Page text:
Saturday, 15 October 2016

A Brief Dramaturgy of Evil: Ewan Downie and Jonathan Peck @ Touring

A Brief History of Evil is a duet about lies and where they can lead us. Who hasn’t embroidered the truth, or pretended to be someone they’re not? When all the lies are stripped away, who is left? When we look in the mirror, who looks back? Which version is really us? 

Created and performed by Ewan Downie (Winner:
Herald Archangel award, Jury Prize: Eurotopiques Festival) and Jonathan Peck, with directorial assistance from Al Seed (Winner: Fringe First and Herald Angel awards), A Brief History of Evil combines Company of Wolves’ electrifying movement style with the vulnerability, mockery, and satire of clown and buffon. The result is a performance that is dangerous, relentless, and very, very funny. 

Simultaneously absurd, hilarious and terrifying, A Brief History of Evil fuses satirical spoken word with thrilling movement in a lyrical, physical and dynamic exploration of greed, dishonesty, and the darker depths of our desires. The show exposes the violence and conflict that can lie under the best of intentions and the best of friendships. It is a hybrid show, drawing on a huge range of theatrical disciplines - experimental, but accessible and immediate, with a compelling narrative and unforgettable characters. 

It is a show for audiences who are curious, enjoy humour, and are ready to try something a little different, inspired by the action-filled entertainment of Manga, martial arts and comic books. A dark, wildly entertaining comedy with an edge of surrealism - ‘Waiting for Godot’ meets ‘The League of Gentlemen.’ 

What was the inspiration for this performance?
We wanted to work with each other, to create our own piece of theatre. We wanted to work without a director, which was new to both of us.

We wanted to make a show about the lies we tell each other and ourselves. We’d met many years ago, and we’d both had the experience of losing ourselves. We found that even though we’ve known each other a long time, our underlying fears and insecurities and the tendency to deceive was always there.

And we felt there was a show in there somewhere.

Is theatre still a good space for the public discussion of ideas?
Yes, because in theatre the presence of the audience affects how the performance unfolds. This means that urgent, human questions can be asked afresh in each performance.

Theatre is in real time, and as performers we can respond to our own success or failure, we can listen to the audiences responses, and let this shape the show. 

So theatre is a dialogue. 

Audience and performers share in an experience. A great piece of theatre can reverberate after we’ve seen it in a different way to other forms of art. Theatre is imperfection.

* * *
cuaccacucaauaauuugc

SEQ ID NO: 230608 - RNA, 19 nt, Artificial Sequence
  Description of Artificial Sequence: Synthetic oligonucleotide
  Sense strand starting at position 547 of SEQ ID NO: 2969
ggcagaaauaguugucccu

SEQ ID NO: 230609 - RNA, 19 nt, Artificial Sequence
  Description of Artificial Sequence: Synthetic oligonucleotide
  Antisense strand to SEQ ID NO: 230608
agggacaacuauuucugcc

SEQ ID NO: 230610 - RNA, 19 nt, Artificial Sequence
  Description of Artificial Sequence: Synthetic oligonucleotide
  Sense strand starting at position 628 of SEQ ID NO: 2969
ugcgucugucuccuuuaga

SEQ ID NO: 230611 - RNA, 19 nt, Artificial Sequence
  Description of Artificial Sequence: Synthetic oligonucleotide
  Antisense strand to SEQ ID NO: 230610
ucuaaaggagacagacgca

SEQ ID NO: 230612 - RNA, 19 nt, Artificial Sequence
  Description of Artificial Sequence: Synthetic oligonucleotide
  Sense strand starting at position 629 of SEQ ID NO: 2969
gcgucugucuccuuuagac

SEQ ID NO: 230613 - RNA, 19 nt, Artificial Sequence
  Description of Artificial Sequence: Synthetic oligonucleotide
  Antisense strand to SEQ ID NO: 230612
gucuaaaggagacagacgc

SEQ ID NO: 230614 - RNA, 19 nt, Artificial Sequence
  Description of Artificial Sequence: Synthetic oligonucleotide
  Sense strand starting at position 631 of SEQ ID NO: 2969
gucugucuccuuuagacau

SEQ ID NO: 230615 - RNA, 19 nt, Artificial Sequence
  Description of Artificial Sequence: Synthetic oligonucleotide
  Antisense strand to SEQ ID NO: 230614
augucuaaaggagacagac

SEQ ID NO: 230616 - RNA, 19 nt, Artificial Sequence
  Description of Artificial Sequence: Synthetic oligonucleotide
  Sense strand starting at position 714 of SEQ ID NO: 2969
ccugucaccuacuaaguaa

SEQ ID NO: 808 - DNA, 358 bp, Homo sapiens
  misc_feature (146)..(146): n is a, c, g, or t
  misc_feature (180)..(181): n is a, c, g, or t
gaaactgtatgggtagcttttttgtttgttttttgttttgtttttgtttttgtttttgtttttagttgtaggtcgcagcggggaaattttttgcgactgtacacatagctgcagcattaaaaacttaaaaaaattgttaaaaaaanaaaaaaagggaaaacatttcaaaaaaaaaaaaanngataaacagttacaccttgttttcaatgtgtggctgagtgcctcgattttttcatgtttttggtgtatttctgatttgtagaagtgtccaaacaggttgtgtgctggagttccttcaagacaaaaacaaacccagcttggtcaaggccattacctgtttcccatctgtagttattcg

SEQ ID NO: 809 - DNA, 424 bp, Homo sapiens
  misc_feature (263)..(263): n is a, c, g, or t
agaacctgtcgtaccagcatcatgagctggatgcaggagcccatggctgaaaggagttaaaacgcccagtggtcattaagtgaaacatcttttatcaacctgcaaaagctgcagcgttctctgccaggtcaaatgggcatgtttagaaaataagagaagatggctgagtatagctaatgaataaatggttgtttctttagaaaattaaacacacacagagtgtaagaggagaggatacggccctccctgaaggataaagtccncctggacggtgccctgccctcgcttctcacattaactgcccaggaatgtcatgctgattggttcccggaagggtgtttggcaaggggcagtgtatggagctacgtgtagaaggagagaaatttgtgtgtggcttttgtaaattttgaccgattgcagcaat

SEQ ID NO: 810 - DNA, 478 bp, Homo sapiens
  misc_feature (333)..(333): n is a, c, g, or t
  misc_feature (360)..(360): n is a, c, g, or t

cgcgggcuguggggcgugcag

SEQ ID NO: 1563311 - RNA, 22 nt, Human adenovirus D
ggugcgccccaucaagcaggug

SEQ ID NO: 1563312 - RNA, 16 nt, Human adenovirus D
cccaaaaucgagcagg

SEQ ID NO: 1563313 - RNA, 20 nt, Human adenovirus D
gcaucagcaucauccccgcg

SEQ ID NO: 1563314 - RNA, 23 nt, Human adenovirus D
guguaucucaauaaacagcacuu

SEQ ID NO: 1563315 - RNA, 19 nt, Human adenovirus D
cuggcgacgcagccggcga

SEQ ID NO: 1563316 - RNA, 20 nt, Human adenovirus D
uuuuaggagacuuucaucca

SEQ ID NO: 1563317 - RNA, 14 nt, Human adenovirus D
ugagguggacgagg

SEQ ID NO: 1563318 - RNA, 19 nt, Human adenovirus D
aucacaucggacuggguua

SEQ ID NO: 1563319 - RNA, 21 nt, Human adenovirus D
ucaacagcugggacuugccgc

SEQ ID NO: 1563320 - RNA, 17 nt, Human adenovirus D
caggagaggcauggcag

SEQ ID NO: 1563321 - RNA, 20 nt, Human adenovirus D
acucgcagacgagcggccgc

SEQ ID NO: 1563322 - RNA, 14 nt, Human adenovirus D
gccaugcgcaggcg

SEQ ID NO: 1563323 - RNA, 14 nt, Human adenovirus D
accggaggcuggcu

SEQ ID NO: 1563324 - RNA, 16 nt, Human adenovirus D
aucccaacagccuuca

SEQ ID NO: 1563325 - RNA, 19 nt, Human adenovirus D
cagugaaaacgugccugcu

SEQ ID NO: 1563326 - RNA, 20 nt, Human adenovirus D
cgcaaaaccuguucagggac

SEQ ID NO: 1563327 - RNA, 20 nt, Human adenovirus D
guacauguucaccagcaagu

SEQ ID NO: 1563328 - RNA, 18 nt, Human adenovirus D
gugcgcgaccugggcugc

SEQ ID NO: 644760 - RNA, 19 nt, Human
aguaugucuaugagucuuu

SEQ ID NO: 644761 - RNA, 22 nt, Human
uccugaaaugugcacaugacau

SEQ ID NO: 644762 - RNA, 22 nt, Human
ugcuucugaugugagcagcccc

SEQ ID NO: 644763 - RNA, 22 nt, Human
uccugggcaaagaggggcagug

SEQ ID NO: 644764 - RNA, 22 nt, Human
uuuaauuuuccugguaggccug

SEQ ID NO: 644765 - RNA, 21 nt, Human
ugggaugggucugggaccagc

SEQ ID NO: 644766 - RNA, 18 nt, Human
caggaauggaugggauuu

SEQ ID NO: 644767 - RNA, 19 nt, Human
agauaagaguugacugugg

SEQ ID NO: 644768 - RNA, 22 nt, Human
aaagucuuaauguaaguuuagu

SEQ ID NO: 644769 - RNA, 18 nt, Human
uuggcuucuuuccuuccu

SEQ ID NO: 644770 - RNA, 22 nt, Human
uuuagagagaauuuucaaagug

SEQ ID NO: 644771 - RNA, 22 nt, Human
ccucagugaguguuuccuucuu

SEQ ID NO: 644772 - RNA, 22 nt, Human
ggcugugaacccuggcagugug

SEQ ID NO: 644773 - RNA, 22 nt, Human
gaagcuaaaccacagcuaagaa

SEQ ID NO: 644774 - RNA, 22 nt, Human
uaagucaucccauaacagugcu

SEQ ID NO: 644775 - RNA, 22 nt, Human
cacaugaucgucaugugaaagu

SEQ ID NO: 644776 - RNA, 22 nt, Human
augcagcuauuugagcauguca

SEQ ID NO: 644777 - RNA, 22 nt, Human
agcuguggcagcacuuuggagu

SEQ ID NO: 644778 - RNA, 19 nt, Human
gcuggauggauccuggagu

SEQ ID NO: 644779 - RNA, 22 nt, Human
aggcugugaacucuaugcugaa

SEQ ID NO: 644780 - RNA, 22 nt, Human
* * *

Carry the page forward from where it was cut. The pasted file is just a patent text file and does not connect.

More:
How did you become interested in making performance?
Ewan: I always loved the theatre growing up and my family went often to the Citzens Theatre. But it wasn’t until university I began to think about it as a career. I was lucky enough to do an exchange to Dartmouth College in the USA, where I studied non-fiction performance. The rigour and depth of the work totally changed how I thought about theatre, and inspired me to write and train as an actor, and eventually, to direct.

J: It started with an amazing drama teacher at school who inspired
me and simply taught us to explore our imaginations. I had so much fun, my confidence grew and performing soon became my main focus. I then decided to go to drama school, which was life changing and solidified lots of things for me. I have been performing and making theatre since then.

Is there any particular approach to the making of the show?
We talked a lot, improvised a lot, and slowly over time material began to emerge. As we’ve continued to perform and develop the show, the structure has become more solid. It’s a been a bit like writing a play in reverse.

It’s worth saying that we didn’t decide how we’d approach the material in advance. We just started and let ourselves get totally lost and confused before some small glimmers of light began to appear.

What do you hope that the audience will experience?
We hope they’ll fall down a twisting rabbit hole of thoughts along with us. And occasionally surface for air.

What strategies did you consider towards shaping this audience experience?
We connect to the audience live, we don’t pretend they aren’t there.

We also allow the show to pose questions without providing answers:
We don’t have the answers.

We try to give the experience of getting lost in lies a physical form, so the audience can see and experience it.

Thurs 20 & Fri 21 October, 19:30 at Assembly Roxy, Edinburgh
> Sat 22 & Sun 23 Oct, 19:30 at Scottish Youth Theatre, Glasgow
> Thursday 27 October, 19:30 at Harbour Arts Centre, Irvine
> Sunday 30 October, 19:00 at Village Hall Lochgoilhead
> Friday 4 November, 19:30 at Wigtown County Buildings
> Saturday 5 November. 19:30 at Theatre Royal Dumfries

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